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Carl Donnelly: Different Gravy
Published on Friday, 24 August 2012
4

4 stars

Pleasance Courtyard (venue website)
Comedy
1-12, 14-26 Aug, 8:30pm-9:30pm
Reviewed by Liam McKenna

 Recommended for age 14+ only.

Carl Donnelly has written his autobiography, on the off-chance he experiences overnight fame sometime soon – because, he says, he is too lazy to meet a deadline. He’s also written it up to the age of 40. He recently turned 30.

As the audience settles down we see a childhood slideshow, featuring photos of Donnelly as a young drinker and miscreant, and a somewhat incriminating picture of his older brother. This sets the tone for the evening. The show is a cautionary tale for unruly youths, a category to which Donnelly once belonged. It’s fitting, too, as there is a family in tonight with one child as young as ten. Donnelly is initially suspicious of the parents’ choice to bring their child along. “There are adult themes”, he warns, but he hopes that any young people present can at least learn something from his antics.

Donnelly’s brand of comedy is casual, anecdotal, and built around the truth. His autobiography, excerpts of which are read out with soft jazz playing in the background, is by its nature (including, as it does, the future) “hugely embellished”. After all, he reminds us, our lives are actually quite boring. He tells us of his tough upbringing on the streets of South London, being peer-pressured into stealing Filofaxes, and relates this to how he’s now lounging around in hammocks and eating oysters. He’s the first to admit that he’s progressed in life, and he’s not pretending he’s still that same working-class boy; he says his 15-year-old self would stab him if he saw him now.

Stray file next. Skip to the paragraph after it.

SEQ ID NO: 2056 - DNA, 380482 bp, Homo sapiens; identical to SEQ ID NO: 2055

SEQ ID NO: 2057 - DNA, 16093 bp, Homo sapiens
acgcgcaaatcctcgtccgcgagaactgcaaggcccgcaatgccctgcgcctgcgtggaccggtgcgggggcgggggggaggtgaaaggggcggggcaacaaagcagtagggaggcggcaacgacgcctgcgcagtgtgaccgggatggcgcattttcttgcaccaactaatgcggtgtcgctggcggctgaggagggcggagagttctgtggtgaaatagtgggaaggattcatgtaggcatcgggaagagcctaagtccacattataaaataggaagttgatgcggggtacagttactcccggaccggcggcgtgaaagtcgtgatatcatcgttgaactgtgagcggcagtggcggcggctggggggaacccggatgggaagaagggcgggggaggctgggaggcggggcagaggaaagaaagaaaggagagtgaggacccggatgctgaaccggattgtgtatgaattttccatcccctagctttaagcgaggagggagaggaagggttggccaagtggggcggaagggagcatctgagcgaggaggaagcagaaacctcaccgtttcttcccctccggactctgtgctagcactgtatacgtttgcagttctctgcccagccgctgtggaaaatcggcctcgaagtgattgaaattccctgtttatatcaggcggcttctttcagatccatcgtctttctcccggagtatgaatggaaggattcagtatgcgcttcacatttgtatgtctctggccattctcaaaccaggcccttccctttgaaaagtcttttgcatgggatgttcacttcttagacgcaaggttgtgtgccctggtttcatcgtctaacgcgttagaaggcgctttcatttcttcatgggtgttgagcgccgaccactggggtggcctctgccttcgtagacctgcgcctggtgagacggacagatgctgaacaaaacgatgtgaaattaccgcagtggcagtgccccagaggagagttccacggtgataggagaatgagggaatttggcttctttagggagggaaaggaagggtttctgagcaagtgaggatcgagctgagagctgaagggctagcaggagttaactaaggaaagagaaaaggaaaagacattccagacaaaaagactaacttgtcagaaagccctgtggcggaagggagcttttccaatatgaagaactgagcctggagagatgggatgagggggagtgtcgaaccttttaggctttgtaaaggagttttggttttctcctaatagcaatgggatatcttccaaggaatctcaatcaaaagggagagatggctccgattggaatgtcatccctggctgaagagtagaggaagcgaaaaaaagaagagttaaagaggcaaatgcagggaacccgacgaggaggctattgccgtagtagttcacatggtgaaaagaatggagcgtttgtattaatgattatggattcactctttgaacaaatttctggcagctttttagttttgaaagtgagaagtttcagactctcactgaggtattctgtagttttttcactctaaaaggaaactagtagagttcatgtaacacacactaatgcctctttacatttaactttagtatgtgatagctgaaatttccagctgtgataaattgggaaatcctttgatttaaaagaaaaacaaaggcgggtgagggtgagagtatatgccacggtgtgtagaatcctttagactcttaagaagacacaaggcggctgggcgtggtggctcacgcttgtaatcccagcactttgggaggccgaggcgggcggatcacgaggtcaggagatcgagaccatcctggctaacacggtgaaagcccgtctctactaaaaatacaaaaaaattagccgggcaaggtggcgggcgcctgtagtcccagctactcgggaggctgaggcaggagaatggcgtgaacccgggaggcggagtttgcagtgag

Comedy, for Donnelly, was a salvation. He was a lost youth, drinking, doing drugs, thieving, until he discovered stand-up. And there is still an element of a changing man; he’s started doing ‘dad jokes’ after realising that dads “are funny…they just want to ruin other people’s lives.” His lack of background in comedy accounts for his “odd style”, constantly veering off-topic to tell us about the oysters and about a bead of sweat that ran down his bum crack while reading an excerpt during a previous show.

There are times when you want to question the legitimacy of the autobiographical claims, because some of the content (like the run-in with a sibling’s finger) seem so far-fetched. But he assures us it is “mostly” true, and it’s all told with such sincerity that you can’t help but believe it. The story about Carl and his friend in a gay night club, for one, is a memorable experience which alone will justify buying the autobiography, should it ever be published.

Aside from the personal and sordid stories of a mis-spent youth (discovering the varying strengths of acid, losing his virginity to a prostitute, and so on), Donnelly makes some interesting points on society too. As someone who’s experienced life on the streets of Tooting, he doesn’t think drugs should be legalised. He also feels that age limits need more of a grey area. “If two 14-year-olds walk into a pub and order Guinness,” he suggests, “serve them.” Donnelly has some fantastic ideas, speaks a lot of sense, and is an example of how simply applying yourself can help steer you away from trouble. Regarding the riots, he says that if someone had asked him to smash up JD Sports at age 15, he would have gladly done it. Because there was no other outlet for him. He’s angry at how it has been dismissed in large parts as “pure criminality”; it’s a controversial point, but the audience is right on his side.

And this now is Carl Donnelly’s outlet: comedy. He oozes confidence and lights up the room with his London twang and “auber-jeans”. He’s a warm character, even if the 40-year-old Carl Donnelly of the autobiography is a smug “sex symbol” and self-proclaimed “national treasure”. I would highly recommend this show for anyone who wants to laugh, cringe at the longest build up to a dad-joke ever, and judge the tales of a meddlesome youth. But maybe don’t bring your kids.

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